This library published by MiniTool defines a comparatively uncommon disk checking command – chkntfs. It is mainly used to check volume file system and disk integrity. Chkntfs can override the scheduled chkdsk schedule checking by editing the BootExecute file in Registry.
What Is chkntfs?
Chkntfs, also called check NTFS, is a kind of Windows command line that displays or modifies automatic disk checking when the computer is started. If it is used without extra options, chkntfs command displays the file system of the target partition/volume. If automatic file checking is scheduled to run, chkntfs displays whether the specified partition is dirty or is scheduled to be checked next time when the computer is booted up.
Chkntfs is an external command that is available in below Microsoft Windows operating systems as chkntfs.exe.
Chkntfs works by changing the registry key of BootExecute in HKEY_LOCAL_MACHINE\SYSTEM\CurrentControlSet\Control\Session Manager. The default value of BootExecute is a REG_MULTI_SZ value of autocheck autochk*
CHKNTFS is also capable of disabling CHKDSK /F (check disk) if it is been set to run on the next reboot. This is helpful if you have scheduled a chkdsk at one point but need to reboot without chkdsk running at this time.
chkntfs <volume> […]
chkntfs [/x <volume> […]]
chkntfs [/c <volume> […]]
Parameters of chkntfs
It specifies one or more partitions or volumes to check when the computer starts. A valid partition should include a driver letter that followed by a colon, a mount point, or a partition label/name.
This parameter restores all chkntfs default settings, except for the countdown time for automatic file checking. By default, all partitions are checked when the computer is booted up while chkdsk operates on those that are dirty.
This command alters the Autochk.exe initiation countdown time to the customized amount of time in seconds. If no time is typed in, /t will display the current countdown time.
/x <volume> […]
This order defines one or more partitions to be excluded from checking when the machine is started, even if the volume is marked as requiring chkdsk.
/c <volume> […]
This command line schedules one or more partitions to be checked when the computer is booted up and runs chkdsk on those ones that are dirty.
It displays help within the command prompt.
Some Examples of the chkntfs Command
The following will show you some easy examples of how to use the chkntfs commands in CMD.
Example 1. Display the file system for system C drive.
The identification of the filesystem type on the first line is fairly self-evident. “Not dirty” means that C drive was properly “cleaned up” the last time the system shut down. That is to say, the computer was shut down properly.
If the OS isn’t shut down properly, any drives in use, containing one or more files that are opening when the machine loses power, will be marked “dirty”. The dirty bit is a flag that indicates that there is still data to be written to the target drive. Those drives will be scanned the next time when Windows boots up.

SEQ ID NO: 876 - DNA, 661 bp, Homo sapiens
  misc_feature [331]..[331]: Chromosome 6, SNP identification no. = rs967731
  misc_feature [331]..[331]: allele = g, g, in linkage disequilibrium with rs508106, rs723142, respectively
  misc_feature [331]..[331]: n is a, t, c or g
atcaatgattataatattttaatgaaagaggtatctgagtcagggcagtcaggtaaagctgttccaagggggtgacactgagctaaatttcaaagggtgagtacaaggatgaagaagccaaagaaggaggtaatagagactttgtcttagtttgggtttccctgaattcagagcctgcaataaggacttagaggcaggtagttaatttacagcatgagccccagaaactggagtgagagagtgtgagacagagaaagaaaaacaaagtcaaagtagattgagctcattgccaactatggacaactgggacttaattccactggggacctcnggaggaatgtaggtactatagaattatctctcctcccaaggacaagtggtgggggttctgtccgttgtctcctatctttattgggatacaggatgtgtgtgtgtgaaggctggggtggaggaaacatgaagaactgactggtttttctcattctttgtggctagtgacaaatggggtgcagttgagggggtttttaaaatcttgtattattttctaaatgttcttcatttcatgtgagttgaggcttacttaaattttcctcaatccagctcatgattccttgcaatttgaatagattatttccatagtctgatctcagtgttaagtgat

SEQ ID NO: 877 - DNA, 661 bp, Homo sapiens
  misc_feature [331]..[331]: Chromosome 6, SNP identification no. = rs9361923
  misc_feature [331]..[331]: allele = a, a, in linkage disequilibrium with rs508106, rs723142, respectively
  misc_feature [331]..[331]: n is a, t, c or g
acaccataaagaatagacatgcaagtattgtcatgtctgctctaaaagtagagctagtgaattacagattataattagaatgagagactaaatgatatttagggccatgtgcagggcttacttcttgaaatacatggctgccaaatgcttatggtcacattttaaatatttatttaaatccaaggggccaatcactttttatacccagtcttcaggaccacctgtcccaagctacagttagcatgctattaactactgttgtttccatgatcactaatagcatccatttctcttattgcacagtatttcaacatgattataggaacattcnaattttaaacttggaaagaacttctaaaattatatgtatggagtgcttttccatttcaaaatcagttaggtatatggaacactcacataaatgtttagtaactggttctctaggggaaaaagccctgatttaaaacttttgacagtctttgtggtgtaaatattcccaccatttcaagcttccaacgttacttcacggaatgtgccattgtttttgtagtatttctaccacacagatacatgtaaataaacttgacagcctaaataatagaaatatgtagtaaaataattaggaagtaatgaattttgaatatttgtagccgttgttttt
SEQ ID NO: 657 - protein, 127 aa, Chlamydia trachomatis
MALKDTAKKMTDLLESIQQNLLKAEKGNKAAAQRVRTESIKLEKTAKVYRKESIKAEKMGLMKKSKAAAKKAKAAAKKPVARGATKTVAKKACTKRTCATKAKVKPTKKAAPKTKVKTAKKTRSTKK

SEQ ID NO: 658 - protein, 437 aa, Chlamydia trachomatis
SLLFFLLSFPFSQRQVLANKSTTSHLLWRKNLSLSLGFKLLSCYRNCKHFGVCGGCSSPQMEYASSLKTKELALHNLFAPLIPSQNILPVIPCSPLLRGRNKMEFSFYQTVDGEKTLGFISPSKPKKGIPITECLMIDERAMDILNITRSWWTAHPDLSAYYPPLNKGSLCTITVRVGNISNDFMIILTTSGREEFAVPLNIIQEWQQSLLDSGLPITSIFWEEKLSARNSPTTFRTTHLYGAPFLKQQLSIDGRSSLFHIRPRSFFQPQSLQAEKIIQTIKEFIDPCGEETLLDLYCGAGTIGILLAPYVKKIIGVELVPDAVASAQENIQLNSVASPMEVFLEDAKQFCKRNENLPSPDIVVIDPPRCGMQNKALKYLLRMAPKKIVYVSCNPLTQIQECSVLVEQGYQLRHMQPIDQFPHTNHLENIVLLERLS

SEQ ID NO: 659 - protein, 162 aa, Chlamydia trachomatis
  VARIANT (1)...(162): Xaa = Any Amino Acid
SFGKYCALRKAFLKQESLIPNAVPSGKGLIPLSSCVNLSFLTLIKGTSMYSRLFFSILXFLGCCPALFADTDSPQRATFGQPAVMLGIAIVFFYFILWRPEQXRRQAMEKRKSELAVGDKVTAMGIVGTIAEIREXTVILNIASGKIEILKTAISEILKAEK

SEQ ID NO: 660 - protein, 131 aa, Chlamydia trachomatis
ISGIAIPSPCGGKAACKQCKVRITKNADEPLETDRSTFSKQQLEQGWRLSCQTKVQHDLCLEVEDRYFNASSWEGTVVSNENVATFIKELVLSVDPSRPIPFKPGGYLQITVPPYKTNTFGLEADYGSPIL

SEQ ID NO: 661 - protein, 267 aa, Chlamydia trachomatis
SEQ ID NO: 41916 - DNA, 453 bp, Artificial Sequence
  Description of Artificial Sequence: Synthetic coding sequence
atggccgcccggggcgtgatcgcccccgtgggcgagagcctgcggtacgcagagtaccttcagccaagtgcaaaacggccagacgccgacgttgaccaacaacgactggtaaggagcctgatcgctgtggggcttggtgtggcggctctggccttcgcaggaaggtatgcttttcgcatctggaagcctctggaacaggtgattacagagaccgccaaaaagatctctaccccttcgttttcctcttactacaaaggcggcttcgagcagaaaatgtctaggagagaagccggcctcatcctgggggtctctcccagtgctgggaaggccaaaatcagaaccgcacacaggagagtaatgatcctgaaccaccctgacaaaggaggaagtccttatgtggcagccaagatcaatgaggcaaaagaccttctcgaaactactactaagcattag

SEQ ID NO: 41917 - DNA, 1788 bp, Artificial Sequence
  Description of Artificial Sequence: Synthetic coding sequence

If automatic file checking is scheduled to run, additional output will display including whether the drive is dirty or has been manually scheduled to be checked the next time the computer is turned on.
Example 2. Change the Autochk.exe initiation countdown time to 90 seconds.
Of course, you are able to set the Autochk.exe initiation countdown time to 0 second. Yet, if you do that, you are unable to cancel a potentially time-consuming automatic file check.
Example 3. Exclude volume E and F from being checked
chkntfs /x e: f:
You must list the multiple partitions within a single command. The /x command option is not accumulative. If you type it more than once, the most recent entry overrides the previous entry.
Example 4. Schedule automatic file checking on drive E instead of drive C and D.
chkntfs /x c: d: e:
chkntfs /c e:
The /c command-line option is accumulative. If you type /c more than once, each entry remains. To make sure that only a particular volume is checked, you need to reset to the default settings to clear all previous commands in the first place. Then, exclude all partitions from being checked. Finally, schedule automatic file checking for the target volume.
For checking partition/volume filesystem, besides chkntfs commands, you can also rely on a third-party program called MiniTool Partition Wizard, which enables you to easily check file systems of your volumes with graphic guide.
Chkntfs Related Contents
Some malware camouflages itself as chkntfs.exe, especially for those viruses that locate in the C:\Program Files or C:\Windows folder. There are some examples of such trojans like TrojanDownloader:Win32/Carberp.C or TrojanDownloader:Win32/Carberp.E (detected by Microsoft) and TROJ_BAMITAL.SMH or TROJ_LAMEWAR.VTG (detected by TrendMicro).
Therefore, you need to protect your computer from virus attacks with a Windows security firewall and antivirus or rely on third-party programs. And, you are also recommended to avoid data loss by backing up important files/folders with professional tools like MiniTool ShadowMaker.